Posted: August 7th, 2013





Eleven by Sandra Cisneros


‘Eleven’ is the story of Rachel, an eleven-year-old child, who feels vulnerable under the adult supervision during her eleventh birthday and goes ahead to learn from her fear by the end of the day (Cisneros, 2011). This story by Sandra Cisneros uses Rachel’s literary characteristics as would be exhibited by an eleven year old. There being great use of symbolism, diction, dialogue and narrator’s point of view, it provides a basis of understanding on the proper application of these tools in narration to capture the readers understanding hence providing a literary background.


The story relays Rachel’s embarrassment of her helplessness in a manner that makes use of literary styles such as similes, symbolism and repetitiveness. The choice of words that she employs in similes suggests her age, for example, by stating how her confidence rattles like “pennies in a tin Band-Aid Box” (Cisneros, 2011). Though her ability to convey her feeling is evident throughout the story, she fails to understand the deeper meaning of what she feels as she tries figuring out why others are mean to her or why she feels how she does.

In this story, the eleven year old understands that people act according to their age and associates greater age with correctness. Thus, she lets her teacher, Mrs. Price tell her what to do to which she meekly obliges. She also associates greater age with confidence and hopes that she would be a hundred and two years old then (Cisneros, 2011). She eventually understands that an individual is built by the amount of experience gained, hence her confidence grows as she realizes that, for her age, she has been able to overcome the challenges she has faced so far.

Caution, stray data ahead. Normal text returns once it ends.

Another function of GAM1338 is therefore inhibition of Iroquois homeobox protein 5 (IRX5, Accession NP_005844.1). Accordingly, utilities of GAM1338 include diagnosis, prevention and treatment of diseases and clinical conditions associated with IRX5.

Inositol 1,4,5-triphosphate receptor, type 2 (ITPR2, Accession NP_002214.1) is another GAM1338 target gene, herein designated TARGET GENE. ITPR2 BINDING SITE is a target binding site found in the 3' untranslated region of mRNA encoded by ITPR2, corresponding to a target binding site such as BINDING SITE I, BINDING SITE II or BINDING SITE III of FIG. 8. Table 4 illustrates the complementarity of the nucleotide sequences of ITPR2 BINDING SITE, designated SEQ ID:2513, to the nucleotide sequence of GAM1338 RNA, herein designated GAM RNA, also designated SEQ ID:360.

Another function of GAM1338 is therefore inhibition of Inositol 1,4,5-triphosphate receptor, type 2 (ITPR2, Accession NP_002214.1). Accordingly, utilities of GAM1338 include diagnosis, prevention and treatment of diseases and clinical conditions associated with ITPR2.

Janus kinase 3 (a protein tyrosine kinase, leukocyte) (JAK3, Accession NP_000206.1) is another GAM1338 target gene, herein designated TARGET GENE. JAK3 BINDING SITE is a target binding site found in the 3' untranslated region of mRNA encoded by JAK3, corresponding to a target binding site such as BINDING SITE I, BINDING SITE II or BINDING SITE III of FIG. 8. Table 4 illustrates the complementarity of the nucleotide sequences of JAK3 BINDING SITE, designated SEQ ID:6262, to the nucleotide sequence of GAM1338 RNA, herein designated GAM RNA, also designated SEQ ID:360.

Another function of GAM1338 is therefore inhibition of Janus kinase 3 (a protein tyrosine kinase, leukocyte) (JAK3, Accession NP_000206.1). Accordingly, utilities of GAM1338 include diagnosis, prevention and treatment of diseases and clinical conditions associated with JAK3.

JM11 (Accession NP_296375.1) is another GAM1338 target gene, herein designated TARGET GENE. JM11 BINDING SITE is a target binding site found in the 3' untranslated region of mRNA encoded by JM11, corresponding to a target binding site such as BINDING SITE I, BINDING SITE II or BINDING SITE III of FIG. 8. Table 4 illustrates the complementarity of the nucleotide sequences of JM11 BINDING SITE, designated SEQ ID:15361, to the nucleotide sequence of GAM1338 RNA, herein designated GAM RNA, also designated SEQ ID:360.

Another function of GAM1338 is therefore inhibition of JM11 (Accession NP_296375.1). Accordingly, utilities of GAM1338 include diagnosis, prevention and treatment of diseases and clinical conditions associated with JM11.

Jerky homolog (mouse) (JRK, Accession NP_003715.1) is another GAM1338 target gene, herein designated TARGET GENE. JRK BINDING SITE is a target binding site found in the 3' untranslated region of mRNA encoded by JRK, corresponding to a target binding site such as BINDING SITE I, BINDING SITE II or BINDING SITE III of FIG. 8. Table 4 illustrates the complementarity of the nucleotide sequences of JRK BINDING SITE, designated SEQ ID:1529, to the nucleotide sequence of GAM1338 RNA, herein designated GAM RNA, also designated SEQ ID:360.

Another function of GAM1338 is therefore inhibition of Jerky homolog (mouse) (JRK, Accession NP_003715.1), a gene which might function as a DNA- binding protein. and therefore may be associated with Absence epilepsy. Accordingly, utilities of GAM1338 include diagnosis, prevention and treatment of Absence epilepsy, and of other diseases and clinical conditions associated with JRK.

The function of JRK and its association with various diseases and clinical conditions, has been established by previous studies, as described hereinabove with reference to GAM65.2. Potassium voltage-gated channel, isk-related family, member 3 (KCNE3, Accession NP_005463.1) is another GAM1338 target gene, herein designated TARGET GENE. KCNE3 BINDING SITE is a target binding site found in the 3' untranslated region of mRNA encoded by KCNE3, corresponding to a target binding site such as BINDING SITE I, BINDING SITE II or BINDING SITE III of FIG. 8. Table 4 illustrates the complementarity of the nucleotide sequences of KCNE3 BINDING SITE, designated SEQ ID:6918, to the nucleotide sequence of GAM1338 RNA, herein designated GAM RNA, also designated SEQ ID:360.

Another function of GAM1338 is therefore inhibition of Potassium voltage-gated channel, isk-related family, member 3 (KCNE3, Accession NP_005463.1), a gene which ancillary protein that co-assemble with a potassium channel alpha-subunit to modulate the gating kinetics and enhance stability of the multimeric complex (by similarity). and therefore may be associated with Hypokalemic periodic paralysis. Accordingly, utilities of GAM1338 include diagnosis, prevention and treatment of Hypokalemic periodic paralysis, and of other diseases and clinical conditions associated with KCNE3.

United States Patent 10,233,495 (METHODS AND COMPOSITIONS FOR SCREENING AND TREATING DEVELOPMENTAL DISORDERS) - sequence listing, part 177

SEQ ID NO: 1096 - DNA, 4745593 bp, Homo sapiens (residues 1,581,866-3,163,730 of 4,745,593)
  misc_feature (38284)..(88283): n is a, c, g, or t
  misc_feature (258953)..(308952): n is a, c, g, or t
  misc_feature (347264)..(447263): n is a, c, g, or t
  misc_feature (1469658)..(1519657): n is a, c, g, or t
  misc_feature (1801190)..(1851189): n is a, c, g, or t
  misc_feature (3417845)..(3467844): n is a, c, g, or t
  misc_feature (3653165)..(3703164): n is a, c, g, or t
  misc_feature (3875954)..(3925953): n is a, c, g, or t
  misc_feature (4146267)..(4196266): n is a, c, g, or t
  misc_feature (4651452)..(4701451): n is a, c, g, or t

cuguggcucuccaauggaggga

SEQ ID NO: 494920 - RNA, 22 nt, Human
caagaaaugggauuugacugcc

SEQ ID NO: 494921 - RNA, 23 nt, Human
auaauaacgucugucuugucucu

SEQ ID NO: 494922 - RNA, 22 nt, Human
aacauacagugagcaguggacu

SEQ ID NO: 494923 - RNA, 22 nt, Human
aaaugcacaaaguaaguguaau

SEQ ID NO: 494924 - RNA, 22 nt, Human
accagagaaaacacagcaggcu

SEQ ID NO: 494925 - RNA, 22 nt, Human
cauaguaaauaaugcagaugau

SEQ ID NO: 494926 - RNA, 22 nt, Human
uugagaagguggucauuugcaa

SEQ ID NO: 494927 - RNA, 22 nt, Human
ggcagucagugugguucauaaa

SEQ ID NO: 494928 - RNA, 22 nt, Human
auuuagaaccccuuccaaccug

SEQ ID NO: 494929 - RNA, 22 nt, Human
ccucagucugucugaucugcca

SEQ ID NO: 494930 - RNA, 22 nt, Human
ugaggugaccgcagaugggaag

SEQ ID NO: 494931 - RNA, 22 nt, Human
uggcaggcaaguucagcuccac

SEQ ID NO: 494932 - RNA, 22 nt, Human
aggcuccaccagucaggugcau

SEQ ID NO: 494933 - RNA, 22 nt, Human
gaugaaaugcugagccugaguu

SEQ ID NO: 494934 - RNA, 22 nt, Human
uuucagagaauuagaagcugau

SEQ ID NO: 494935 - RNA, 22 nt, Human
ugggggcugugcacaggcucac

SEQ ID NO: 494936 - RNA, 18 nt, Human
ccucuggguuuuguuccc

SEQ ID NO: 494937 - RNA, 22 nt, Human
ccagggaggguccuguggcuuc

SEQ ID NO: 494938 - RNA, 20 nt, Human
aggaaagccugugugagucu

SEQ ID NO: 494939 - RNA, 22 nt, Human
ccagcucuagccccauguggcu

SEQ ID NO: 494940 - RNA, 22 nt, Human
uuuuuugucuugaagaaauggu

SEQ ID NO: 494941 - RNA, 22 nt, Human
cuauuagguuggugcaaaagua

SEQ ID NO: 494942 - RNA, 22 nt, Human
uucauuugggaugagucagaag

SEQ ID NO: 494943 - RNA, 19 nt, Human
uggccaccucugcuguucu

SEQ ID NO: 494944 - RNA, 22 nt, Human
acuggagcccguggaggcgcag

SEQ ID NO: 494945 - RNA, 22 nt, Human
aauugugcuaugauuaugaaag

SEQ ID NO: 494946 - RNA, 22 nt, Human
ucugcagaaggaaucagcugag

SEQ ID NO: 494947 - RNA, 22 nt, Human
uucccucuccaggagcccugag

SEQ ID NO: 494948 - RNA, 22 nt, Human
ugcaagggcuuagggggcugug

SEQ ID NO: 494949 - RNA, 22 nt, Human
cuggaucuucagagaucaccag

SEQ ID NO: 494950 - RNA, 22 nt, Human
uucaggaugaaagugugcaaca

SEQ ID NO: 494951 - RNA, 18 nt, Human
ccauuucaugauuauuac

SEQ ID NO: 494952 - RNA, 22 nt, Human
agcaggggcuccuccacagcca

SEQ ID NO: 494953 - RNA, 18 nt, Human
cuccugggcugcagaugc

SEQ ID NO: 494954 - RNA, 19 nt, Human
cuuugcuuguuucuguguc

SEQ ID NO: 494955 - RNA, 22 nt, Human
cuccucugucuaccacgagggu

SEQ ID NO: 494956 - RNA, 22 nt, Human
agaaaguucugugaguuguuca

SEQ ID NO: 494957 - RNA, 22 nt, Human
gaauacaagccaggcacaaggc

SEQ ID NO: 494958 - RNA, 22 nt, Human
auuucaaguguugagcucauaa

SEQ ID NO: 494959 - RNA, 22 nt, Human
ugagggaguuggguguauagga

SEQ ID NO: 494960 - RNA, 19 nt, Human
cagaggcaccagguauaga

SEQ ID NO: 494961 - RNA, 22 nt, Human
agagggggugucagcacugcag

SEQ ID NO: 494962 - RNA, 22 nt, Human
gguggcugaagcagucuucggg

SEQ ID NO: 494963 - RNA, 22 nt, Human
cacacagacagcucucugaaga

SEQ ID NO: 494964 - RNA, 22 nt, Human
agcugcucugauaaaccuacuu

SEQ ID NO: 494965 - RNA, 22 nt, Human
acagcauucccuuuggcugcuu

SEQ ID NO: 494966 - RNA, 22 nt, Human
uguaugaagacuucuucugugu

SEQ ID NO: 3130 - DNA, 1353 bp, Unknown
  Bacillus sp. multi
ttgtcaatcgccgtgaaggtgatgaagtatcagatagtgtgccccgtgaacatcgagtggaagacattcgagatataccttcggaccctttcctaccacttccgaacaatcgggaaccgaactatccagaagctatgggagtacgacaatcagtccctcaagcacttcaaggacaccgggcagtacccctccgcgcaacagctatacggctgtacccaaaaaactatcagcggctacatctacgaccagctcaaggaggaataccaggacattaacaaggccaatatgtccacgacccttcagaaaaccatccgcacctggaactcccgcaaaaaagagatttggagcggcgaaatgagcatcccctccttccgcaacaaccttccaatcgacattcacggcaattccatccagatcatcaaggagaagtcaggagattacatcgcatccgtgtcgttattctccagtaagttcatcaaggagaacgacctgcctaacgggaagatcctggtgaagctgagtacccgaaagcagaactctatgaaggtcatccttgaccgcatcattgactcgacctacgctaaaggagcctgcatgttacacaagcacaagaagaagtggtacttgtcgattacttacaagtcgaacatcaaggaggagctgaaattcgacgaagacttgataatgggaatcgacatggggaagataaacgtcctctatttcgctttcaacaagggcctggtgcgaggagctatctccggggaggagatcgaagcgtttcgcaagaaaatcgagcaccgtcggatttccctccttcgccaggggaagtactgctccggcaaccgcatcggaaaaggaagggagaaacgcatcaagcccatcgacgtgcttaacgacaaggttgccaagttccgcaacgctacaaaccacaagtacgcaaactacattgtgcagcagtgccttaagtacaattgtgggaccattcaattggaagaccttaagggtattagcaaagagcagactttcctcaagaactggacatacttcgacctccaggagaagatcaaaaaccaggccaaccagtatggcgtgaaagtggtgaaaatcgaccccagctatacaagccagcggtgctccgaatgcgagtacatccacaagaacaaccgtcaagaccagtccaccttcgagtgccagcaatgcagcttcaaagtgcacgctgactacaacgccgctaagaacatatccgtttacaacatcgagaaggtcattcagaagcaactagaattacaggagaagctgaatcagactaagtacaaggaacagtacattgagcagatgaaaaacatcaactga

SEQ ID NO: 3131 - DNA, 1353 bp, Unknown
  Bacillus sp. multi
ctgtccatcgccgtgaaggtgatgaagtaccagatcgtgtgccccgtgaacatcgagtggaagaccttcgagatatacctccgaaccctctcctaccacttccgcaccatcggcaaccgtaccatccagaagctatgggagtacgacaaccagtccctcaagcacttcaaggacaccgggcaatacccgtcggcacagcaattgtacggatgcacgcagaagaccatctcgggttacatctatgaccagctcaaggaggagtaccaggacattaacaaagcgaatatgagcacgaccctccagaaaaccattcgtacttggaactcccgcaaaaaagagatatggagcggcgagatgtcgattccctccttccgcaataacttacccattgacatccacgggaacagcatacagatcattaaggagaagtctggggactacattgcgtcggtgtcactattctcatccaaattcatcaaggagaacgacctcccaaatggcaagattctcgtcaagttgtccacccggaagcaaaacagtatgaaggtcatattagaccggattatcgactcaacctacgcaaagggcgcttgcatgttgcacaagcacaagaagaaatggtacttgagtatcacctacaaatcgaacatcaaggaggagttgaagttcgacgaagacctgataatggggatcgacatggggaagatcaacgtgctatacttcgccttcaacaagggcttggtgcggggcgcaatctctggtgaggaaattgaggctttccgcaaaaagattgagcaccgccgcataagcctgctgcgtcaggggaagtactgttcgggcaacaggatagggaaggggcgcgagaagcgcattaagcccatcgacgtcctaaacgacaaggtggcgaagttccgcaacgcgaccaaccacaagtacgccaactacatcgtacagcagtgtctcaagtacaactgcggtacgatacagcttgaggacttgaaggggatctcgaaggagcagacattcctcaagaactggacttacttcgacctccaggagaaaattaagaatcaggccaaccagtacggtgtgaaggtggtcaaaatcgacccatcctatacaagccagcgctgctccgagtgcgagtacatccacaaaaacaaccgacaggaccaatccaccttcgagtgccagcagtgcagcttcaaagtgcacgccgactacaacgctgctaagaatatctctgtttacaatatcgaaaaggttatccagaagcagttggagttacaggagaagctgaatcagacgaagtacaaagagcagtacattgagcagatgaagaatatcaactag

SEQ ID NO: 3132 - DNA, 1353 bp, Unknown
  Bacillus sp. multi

Narrative style

In this essay, Sandra depicts Rachel as the first person narrator. The story is told in the first person in the manner that a journal or a diary is written. Rachel utilizes internal dialogue as one relaying her inner thoughts and freely expresses her feelings and emotions making use of literary devices. For example, when describing her sweater, which she is later forcefully made to wear by her teacher, she describes it as “sitting there like a big red mountain” (Cisneros, 2011). This exaggeration enables the reader to understand the level of burden that Rachel viewed that sweater to be.

This is aimed at helping the reader to understand the thinking of an eleven year old, to understand the insecurities they face explaining their view on adult supervision and commands. These commands make them scared, for example; in Rachel’s case, she is only capable of answering her teacher in her meek year-old voice. Rachel goes through the day, waiting for the moment she would go back home to the security that her parents offer. This narration also reveals the nature of Rachel’s thoughts that are curious and yet passionate. She has a mature ability to describe feelings and situations using different literary styles.

Use of literary styles

There is a great use of literary styles in this story, especially the use of similes. These are used to exaggerate her situation, or to magnify the magnitude of the situation she finds herself in hence enabling the reader to clearly understand her feeling of helplessness and lack of confidence. She describes her crying as crying like hiccups, describing her wish to be away from that situation like a tiny balloon (Cisneros, 2011). There is also extensive use of symbolism in the story. Another style used is repetition where Rachel repeats the words “not mine” six times a child would (Cisneros, 2011). This cements the idea of the eleven year old in the reader’s mind.